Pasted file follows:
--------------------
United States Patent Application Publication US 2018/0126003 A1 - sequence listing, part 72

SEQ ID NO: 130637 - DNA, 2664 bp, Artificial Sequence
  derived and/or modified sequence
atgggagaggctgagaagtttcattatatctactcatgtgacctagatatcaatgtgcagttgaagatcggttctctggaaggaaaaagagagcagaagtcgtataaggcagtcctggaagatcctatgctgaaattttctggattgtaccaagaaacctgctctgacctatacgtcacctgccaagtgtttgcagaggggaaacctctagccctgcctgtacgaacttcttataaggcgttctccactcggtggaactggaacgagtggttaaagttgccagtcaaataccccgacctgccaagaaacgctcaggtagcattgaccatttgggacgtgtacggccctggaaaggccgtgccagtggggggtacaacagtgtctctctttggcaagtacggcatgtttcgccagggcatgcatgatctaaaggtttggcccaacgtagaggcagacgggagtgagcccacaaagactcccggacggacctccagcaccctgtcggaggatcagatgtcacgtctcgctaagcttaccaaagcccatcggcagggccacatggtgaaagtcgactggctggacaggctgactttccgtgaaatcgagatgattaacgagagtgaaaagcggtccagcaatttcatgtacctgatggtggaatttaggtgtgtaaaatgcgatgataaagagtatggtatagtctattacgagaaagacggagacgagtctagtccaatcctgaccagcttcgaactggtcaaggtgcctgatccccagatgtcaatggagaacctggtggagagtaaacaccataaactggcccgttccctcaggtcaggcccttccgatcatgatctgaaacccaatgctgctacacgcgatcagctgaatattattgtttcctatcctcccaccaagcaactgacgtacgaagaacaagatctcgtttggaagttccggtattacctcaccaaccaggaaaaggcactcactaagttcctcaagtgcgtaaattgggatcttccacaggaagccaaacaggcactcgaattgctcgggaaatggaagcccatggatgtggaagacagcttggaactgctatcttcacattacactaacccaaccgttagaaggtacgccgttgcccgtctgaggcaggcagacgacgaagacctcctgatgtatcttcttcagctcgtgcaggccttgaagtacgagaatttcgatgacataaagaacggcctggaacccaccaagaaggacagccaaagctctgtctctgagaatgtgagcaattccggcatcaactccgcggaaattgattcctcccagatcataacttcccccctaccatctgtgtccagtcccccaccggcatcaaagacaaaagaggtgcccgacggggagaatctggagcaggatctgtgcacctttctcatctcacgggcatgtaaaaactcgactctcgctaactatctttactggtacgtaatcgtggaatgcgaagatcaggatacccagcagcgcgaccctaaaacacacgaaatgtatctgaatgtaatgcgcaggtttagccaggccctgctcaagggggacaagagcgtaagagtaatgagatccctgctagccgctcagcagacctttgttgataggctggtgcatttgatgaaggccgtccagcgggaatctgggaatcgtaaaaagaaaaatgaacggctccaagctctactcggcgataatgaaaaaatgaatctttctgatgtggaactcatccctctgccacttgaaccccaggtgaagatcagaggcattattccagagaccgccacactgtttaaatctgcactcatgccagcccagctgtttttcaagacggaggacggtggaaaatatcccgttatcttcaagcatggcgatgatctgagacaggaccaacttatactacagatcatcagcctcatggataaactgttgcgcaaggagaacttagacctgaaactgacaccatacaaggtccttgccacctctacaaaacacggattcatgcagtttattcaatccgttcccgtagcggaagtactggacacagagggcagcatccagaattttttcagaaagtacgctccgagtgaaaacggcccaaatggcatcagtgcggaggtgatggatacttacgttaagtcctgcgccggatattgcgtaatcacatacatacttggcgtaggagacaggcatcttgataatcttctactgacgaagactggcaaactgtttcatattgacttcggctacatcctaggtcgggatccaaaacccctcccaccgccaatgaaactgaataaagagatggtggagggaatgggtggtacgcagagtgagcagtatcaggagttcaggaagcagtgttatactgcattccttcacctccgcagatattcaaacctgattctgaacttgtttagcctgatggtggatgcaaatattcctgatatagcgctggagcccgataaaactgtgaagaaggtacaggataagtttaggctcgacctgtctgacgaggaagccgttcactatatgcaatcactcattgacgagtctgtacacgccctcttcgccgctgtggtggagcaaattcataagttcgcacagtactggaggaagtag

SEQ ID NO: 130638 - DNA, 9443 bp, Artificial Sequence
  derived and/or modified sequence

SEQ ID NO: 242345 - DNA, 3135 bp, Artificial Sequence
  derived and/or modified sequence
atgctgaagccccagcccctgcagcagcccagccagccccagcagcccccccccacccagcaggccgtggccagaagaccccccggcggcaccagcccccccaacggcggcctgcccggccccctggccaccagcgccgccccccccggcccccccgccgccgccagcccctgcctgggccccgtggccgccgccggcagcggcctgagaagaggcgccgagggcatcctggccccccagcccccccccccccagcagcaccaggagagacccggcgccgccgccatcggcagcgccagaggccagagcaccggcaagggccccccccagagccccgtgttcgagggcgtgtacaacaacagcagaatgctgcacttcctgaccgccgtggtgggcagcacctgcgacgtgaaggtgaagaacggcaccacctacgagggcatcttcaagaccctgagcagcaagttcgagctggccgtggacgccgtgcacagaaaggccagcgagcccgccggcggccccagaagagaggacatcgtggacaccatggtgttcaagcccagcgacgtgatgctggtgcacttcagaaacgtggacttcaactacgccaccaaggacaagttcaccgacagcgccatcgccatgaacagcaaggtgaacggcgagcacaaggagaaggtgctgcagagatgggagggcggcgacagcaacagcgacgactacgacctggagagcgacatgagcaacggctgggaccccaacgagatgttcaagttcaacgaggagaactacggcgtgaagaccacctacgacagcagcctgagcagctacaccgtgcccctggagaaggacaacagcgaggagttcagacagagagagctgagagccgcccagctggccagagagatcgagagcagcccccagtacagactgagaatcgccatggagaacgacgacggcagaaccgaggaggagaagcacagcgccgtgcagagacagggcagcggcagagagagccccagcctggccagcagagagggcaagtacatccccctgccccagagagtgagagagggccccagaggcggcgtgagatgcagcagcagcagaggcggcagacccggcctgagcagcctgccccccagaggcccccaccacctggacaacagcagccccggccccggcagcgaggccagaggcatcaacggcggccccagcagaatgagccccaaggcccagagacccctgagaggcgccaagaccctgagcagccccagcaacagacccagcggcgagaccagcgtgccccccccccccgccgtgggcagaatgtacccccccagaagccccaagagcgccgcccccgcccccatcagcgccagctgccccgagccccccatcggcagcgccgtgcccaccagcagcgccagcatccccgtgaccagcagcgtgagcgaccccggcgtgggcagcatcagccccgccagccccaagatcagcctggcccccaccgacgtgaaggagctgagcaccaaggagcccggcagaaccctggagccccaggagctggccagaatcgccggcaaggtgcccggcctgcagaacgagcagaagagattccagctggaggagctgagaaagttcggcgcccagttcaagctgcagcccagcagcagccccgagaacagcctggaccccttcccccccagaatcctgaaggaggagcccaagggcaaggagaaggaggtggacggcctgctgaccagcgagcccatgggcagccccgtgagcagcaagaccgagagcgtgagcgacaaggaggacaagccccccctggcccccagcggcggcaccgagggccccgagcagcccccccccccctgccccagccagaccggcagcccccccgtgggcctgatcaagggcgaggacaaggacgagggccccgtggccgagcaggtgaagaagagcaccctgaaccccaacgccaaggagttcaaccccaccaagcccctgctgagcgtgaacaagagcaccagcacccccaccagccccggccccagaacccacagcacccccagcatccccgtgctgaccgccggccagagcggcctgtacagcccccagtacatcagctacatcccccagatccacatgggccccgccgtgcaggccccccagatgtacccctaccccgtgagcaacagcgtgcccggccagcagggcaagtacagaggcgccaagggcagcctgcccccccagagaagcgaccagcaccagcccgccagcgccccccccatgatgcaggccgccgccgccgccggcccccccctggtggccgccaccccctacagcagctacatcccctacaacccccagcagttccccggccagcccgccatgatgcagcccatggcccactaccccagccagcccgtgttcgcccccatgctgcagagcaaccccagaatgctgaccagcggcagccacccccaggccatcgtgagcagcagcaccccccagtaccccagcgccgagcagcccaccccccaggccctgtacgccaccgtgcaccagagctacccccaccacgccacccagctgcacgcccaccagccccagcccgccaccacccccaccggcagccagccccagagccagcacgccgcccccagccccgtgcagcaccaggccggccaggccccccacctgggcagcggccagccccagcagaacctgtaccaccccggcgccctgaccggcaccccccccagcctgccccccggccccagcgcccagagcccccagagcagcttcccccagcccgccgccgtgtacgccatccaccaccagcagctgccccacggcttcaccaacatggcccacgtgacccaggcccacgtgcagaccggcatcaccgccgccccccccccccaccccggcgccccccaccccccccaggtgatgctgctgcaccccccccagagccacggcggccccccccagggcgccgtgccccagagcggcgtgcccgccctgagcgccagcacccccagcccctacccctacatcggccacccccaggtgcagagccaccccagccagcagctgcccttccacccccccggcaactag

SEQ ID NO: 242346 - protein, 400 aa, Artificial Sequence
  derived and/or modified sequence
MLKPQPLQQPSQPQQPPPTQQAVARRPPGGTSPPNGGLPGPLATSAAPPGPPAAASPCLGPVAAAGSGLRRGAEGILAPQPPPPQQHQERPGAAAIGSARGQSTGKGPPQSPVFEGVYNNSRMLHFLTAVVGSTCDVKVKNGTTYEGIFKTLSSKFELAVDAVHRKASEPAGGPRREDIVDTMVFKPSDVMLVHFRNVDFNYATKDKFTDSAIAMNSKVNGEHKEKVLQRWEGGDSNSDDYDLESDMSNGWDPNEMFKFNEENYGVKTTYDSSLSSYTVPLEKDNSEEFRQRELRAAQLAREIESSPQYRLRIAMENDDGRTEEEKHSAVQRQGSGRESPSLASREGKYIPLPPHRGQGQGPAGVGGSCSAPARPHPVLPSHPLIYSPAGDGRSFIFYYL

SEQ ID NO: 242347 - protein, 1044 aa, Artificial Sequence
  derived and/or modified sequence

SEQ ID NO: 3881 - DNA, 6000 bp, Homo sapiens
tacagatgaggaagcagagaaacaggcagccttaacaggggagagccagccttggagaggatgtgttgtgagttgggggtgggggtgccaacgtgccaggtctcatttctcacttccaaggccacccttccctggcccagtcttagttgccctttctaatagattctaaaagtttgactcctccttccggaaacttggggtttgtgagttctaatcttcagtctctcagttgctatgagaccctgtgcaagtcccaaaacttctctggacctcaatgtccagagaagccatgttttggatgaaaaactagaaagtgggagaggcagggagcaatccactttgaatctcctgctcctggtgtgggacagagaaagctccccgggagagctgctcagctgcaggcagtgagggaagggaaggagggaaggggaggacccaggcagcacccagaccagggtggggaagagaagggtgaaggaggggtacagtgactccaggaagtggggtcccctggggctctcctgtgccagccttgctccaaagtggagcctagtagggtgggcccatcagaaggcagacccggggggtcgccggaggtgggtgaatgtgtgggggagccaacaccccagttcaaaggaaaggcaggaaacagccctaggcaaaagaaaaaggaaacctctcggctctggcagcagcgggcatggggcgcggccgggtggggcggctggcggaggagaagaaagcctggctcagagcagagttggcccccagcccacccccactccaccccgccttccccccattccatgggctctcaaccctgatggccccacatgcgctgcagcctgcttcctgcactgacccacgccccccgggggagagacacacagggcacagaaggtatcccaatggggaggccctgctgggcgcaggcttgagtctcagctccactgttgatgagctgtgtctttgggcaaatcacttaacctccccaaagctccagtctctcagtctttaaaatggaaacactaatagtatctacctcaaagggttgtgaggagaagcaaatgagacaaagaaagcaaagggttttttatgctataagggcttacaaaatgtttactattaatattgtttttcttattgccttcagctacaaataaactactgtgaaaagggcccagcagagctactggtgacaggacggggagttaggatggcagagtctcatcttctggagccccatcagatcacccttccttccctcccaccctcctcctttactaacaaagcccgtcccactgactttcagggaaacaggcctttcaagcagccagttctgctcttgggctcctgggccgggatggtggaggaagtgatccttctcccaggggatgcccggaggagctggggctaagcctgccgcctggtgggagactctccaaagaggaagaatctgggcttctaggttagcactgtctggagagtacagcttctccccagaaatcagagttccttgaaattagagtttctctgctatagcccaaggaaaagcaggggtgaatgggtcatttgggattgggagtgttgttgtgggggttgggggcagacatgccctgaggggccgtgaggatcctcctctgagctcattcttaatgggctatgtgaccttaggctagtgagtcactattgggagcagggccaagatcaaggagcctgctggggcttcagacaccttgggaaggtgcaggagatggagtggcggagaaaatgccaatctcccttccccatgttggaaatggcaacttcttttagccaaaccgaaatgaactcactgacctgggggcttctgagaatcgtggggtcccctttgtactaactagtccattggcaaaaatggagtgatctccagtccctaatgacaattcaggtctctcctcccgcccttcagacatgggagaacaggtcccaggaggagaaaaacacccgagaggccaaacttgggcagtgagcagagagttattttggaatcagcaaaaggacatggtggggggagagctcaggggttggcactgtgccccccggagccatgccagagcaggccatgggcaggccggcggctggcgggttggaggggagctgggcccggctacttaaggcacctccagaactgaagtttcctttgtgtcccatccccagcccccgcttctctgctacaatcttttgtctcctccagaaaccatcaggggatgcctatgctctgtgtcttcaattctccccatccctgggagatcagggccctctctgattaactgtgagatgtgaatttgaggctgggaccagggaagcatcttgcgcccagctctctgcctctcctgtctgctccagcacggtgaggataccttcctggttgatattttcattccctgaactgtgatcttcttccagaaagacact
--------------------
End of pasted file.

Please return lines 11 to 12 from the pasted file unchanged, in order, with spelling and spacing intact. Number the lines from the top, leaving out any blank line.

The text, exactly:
  derived and/or modified sequence
MLKPQPLQQPSQPQQPPPTQQAVARRPPGGTSPPNGGLPGPLATSAAPPGPPAAASPCLGPVAAAGSGLRRGAEGILAPQPPPPQQHQERPGAAAIGSARGQSTGKGPPQSPVFEGVYNNSRMLHFLTAVVGSTCDVKVKNGTTYEGIFKTLSSKFELAVDAVHRKASEPAGGPRREDIVDTMVFKPSDVMLVHFRNVDFNYATKDKFTDSAIAMNSKVNGEHKEKVLQRWEGGDSNSDDYDLESDMSNGWDPNEMFKFNEENYGVKTTYDSSLSSYTVPLEKDNSEEFRQRELRAAQLAREIESSPQYRLRIAMENDDGRTEEEKHSAVQRQGSGRESPSLASREGKYIPLPPHRGQGQGPAGVGGSCSAPARPHPVLPSHPLIYSPAGDGRSFIFYYL